Kolkata Testifies to the Grace of Mother Teresa, Its New Saint

Nuns from the Missionaries of Charity in Kolkata, India, watched a live broadcast of the canonization ceremony of Mother Teresa on Sunday.

KOLKATA, India — When Mother Teresa’s canonization took place on Sunday, a battered-looking audience gathered in front of a screen some 4,500 miles east of St. Peter’s Square: men with caved-in chests, weeping sores wrapped in gauze, extremities missing entirely, legs so thin you could encircle them with a finger and thumb.

Celebratory balloons had been strung from the rafters at Nirmal Hriday Home for the Dying Destitute, and they bounced around merrily under the overhead fans while nuns sang hymns in reedy voices. It is a spare, whitewashed space, not much changed since 1952, when Mother Teresa welcomed the hospice’s first patient, a man found near death on the street.

The Home for the Dying Destitute became a central part of her legend, and Sunday’s small celebration had a proprietary air. Volunteers began filing in at 8 a.m., and one, who gave his name only as Pablo, delivered an envelope that he said contained $3,500 in cash. Neighborhood men said they had grown up watching nuns carry in desperate patients.

“They were at the last stage of life,” said Apu Sil, 47. “There would be blood coming out of one side of their bodies. Some had worms in their bodies. They are lifted in someone’s arms to bring them in.”

The children used to watch as the nuns cleaned the patients’ wounds, gently pulling out maggots, and their revulsion gradually faded, Mr. Sil said.

“We were scared at first, and then after seeing them treated, we thought, ‘These are gods in human bodies,’” he said. “‘If they can do it, so can I.’”

Kolkata is an intellectual, disputatious city, and over the years, voices from the right and the left have expressed ambivalence about Mother Teresa’s work.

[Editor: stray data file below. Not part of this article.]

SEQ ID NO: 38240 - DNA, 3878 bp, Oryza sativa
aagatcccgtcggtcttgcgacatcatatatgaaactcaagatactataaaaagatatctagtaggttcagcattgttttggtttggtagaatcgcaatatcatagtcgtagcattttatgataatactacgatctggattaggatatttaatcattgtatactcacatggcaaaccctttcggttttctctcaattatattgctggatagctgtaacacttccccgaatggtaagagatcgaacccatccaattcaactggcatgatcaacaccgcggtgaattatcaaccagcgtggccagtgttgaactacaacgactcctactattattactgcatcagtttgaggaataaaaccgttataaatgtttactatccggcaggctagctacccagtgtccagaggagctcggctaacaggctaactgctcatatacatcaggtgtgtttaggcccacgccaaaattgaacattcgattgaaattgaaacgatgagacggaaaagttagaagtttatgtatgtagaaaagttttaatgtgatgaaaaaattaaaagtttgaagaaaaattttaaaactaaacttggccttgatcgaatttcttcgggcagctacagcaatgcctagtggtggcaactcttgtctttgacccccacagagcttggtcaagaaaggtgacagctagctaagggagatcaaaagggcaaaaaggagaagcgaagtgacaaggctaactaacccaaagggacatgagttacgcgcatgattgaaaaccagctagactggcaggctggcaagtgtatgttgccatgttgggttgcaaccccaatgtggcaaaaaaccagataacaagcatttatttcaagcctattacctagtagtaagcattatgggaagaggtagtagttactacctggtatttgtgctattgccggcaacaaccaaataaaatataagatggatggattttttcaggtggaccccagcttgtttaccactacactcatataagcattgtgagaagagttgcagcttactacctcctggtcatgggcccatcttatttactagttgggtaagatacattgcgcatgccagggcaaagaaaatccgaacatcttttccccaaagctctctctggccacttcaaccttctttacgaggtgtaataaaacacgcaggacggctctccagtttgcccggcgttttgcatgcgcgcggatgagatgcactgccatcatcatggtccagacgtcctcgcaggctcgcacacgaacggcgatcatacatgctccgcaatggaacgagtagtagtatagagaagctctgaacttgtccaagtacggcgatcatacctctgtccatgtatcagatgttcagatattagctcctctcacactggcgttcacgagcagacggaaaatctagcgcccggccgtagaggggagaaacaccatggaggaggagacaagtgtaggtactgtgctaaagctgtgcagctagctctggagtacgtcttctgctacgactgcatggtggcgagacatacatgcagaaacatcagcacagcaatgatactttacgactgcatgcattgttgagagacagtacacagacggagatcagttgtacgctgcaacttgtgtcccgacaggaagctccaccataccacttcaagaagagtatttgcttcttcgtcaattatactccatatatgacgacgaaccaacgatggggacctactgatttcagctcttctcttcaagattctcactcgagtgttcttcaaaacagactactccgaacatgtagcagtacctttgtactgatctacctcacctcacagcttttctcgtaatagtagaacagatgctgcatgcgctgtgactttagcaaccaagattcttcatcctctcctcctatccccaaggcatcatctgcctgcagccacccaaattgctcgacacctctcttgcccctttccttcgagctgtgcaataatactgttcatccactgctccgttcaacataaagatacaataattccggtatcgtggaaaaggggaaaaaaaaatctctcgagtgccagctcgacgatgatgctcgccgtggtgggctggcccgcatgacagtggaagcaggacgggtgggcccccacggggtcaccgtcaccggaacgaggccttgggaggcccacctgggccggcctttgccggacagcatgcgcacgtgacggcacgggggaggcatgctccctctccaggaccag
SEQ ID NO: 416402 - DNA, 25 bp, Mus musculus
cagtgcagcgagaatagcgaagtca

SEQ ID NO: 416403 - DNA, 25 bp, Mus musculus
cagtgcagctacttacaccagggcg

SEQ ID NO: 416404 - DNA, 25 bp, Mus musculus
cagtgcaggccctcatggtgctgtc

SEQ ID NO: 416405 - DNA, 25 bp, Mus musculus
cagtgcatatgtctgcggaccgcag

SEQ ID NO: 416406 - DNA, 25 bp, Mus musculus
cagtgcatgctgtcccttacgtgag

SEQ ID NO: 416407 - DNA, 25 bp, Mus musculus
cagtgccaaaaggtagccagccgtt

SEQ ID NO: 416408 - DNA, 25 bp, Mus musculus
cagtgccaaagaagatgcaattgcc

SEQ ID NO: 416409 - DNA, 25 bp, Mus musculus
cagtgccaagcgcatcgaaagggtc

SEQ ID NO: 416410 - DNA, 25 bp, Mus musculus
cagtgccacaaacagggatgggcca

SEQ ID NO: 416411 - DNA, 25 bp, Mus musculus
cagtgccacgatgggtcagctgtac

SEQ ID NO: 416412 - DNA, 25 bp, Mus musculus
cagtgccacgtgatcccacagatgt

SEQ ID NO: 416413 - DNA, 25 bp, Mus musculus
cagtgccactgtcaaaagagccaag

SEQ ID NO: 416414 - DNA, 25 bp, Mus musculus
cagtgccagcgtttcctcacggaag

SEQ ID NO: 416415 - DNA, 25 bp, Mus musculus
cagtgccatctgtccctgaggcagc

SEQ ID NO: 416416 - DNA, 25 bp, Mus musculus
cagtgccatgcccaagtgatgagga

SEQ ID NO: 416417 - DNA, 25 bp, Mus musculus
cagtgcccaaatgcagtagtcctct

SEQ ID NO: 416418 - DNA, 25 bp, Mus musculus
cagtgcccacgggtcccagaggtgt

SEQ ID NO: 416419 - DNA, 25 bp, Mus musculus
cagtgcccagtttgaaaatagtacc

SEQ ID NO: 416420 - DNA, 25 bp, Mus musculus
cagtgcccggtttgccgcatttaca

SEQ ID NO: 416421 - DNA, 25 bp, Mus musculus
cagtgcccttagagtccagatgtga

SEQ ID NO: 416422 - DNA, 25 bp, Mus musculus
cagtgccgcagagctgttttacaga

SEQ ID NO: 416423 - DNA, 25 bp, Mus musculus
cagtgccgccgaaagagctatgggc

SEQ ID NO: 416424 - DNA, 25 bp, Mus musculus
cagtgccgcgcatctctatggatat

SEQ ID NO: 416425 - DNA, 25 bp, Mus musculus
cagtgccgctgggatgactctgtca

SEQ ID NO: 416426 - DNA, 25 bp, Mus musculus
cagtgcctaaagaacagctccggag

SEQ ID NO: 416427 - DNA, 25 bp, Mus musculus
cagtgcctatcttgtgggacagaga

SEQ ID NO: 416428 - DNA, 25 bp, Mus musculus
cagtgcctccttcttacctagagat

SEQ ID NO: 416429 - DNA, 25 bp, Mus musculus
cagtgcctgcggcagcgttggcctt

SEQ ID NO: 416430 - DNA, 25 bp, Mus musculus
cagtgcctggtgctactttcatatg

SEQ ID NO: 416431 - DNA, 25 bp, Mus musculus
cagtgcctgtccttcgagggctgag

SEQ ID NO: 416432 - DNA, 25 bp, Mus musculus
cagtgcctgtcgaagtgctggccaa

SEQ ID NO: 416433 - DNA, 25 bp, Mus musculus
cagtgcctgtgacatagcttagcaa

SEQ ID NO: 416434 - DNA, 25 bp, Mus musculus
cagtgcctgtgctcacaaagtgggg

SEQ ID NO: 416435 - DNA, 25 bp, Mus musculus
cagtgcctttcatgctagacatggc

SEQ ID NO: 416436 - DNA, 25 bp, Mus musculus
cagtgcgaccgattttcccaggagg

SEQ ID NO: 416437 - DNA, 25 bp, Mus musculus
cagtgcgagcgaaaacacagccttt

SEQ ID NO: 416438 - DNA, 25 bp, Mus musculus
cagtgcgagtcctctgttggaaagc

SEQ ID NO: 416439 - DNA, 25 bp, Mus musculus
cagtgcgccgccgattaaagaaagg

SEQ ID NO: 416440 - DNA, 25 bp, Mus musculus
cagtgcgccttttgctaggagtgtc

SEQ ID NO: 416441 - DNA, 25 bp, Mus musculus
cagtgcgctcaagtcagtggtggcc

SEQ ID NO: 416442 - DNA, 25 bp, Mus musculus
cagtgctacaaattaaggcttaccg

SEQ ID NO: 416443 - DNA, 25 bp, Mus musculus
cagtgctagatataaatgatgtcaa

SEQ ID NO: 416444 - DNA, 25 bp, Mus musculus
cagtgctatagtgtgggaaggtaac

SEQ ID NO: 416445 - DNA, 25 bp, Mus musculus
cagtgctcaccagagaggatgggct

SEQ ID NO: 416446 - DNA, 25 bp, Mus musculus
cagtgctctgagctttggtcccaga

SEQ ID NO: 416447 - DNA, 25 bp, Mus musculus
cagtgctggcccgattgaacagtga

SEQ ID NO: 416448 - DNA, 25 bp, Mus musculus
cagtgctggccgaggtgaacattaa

Hindu groups, including the powerful Rashtriya Swayamsevak Sangh, have long held that Mother Teresa’s true agenda was to convert Indians to Christianity.

Different kinds of complaints came from other quarters. The editor of the Lancet, a British medical journal, charged in 1994 that caregivers in the homes put too little effort into diagnosing treatable illnesses. And the novelist Amit Chaudhuri complained that the Western focus on Mother Teresa had reduced Kolkata, in the imagination of outsiders, to a “black hole” peopled by the mute poor.

“This canonization, I don’t know what that’s all about,” he said on Sunday. “I’m not going to say anything churlish right now. But she’s not in the line of saints or important Christian figures who are dissenters. In that sense, she got appropriated a little bit. She was on peaceable terms with everybody.”

For the last few days, though, the critiques have largely taken a back seat.

Mother House, the headquarters of the Missionaries of Charity, erupted in cheers when Pope Francis declared her a saint. Women in saris, soaked with sweat in the steamy afternoon, fell to their knees, pressing their foreheads to her marble tomb.

“Oh, my god, she was like my mother,” said Karnel Paul, 42, who sells trinkets to Hindu pilgrims near the hospice. Once, he recalled, Mother Teresa had learned of a government plan to shut down the trinket stalls, and submitted a written protest, blocking the move. The trinket-sellers shut their businesses for two days when she died in 1997, he said.